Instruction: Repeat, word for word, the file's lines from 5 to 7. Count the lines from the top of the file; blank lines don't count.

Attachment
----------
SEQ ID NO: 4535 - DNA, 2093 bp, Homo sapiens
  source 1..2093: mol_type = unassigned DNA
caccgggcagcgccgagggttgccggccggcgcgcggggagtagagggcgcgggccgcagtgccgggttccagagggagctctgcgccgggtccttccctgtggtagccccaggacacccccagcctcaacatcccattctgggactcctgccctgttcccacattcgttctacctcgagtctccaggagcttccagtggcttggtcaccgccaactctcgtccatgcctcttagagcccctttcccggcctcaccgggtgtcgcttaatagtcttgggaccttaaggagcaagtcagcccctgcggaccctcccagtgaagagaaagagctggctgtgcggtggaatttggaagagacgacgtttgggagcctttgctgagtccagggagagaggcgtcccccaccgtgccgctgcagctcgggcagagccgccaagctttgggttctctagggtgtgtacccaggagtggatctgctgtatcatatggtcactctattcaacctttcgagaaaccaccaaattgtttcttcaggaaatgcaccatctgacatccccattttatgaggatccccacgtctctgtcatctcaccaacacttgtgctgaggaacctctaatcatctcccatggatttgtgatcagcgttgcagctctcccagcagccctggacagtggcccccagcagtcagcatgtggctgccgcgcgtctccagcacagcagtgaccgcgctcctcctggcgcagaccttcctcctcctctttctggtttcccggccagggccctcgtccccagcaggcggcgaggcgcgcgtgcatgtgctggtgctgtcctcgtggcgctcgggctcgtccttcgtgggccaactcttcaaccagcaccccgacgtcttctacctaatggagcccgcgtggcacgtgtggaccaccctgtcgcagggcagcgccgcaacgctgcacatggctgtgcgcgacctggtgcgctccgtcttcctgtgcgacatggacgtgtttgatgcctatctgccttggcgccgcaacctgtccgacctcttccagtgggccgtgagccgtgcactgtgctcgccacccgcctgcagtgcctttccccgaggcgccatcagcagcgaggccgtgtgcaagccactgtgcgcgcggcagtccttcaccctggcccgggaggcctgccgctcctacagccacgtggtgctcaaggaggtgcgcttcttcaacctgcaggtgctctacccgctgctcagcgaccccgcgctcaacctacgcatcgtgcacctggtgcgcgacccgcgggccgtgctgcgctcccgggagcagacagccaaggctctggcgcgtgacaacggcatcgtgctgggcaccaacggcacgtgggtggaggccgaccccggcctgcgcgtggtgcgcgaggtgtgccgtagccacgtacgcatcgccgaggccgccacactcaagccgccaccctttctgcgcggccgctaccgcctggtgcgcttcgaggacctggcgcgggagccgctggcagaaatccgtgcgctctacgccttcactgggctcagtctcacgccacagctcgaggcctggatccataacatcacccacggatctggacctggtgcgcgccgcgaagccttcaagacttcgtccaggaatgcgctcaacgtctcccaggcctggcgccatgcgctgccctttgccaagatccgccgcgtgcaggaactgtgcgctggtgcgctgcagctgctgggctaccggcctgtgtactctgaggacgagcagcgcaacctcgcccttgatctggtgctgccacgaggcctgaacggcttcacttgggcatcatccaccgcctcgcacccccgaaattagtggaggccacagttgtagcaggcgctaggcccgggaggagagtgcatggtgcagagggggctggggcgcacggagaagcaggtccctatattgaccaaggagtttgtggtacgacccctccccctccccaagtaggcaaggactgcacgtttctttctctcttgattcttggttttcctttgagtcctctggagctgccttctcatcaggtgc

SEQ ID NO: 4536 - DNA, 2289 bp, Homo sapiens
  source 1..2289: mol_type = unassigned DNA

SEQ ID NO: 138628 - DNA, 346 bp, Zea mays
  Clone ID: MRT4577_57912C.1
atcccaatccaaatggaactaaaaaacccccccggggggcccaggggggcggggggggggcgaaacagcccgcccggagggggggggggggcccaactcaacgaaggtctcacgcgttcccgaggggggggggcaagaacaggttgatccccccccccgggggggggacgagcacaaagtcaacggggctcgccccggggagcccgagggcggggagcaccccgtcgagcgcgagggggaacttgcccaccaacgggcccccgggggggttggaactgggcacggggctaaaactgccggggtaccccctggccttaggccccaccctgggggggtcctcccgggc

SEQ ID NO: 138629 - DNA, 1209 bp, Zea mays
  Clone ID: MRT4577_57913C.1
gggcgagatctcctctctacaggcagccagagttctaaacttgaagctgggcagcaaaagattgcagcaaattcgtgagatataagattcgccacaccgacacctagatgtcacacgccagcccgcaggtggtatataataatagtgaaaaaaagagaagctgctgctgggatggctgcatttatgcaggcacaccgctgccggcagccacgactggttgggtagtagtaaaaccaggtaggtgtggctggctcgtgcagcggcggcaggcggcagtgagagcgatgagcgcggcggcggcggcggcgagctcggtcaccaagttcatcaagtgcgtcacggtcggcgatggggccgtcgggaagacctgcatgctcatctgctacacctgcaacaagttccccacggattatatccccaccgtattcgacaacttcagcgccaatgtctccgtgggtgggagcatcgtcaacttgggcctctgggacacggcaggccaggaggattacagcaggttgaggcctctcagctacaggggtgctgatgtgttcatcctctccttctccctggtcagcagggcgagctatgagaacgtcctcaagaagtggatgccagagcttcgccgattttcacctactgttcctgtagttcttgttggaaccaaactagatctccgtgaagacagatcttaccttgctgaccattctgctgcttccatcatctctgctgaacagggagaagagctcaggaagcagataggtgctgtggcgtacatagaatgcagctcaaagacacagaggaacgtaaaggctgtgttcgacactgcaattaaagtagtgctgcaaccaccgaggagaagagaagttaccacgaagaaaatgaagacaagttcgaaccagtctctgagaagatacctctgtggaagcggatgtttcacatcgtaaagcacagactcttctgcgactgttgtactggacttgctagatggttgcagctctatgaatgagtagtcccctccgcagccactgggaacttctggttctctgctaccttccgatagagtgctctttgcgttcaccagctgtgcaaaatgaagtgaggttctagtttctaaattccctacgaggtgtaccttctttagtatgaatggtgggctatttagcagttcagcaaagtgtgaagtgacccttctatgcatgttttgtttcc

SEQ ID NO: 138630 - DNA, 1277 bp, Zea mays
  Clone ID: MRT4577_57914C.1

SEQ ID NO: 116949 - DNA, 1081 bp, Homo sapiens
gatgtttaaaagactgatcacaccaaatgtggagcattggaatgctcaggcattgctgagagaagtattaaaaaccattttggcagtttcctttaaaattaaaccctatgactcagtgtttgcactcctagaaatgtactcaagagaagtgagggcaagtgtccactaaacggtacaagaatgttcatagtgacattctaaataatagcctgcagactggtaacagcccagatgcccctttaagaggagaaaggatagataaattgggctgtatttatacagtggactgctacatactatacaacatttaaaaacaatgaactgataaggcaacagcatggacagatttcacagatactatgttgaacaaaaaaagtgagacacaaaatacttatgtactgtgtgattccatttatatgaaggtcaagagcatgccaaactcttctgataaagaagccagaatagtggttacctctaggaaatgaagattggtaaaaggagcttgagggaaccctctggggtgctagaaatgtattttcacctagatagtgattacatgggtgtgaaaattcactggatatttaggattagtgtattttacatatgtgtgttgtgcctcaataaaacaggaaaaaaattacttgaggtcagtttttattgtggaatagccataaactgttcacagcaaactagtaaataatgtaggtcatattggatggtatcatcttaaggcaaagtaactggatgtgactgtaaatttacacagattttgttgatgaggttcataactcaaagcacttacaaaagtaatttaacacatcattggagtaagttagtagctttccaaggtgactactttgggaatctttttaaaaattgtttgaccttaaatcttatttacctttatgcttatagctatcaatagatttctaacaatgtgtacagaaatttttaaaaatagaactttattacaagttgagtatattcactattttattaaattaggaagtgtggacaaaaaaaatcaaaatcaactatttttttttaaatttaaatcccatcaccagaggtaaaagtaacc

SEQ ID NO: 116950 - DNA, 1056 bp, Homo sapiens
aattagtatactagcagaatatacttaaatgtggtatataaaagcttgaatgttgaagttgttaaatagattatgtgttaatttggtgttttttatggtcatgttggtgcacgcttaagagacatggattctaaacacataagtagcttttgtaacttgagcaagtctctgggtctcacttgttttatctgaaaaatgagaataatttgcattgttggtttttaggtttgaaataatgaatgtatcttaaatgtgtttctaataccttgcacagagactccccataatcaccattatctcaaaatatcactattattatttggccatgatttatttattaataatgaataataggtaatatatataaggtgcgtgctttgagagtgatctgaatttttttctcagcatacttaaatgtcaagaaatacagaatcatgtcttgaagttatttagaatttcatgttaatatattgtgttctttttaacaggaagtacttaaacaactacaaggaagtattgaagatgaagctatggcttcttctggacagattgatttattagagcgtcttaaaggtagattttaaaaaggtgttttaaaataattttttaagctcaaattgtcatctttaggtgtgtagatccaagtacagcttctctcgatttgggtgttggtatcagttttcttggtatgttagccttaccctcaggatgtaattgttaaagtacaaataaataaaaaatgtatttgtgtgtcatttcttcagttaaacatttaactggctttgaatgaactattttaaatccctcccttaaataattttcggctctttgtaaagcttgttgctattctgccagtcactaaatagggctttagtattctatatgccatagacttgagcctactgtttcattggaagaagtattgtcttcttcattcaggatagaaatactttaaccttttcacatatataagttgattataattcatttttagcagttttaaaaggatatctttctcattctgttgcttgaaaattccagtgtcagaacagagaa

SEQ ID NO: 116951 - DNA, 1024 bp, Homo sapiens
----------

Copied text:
  source 1..2289: mol_type = unassigned DNA

SEQ ID NO: 138628 - DNA, 346 bp, Zea mays
  Clone ID: MRT4577_57912C.1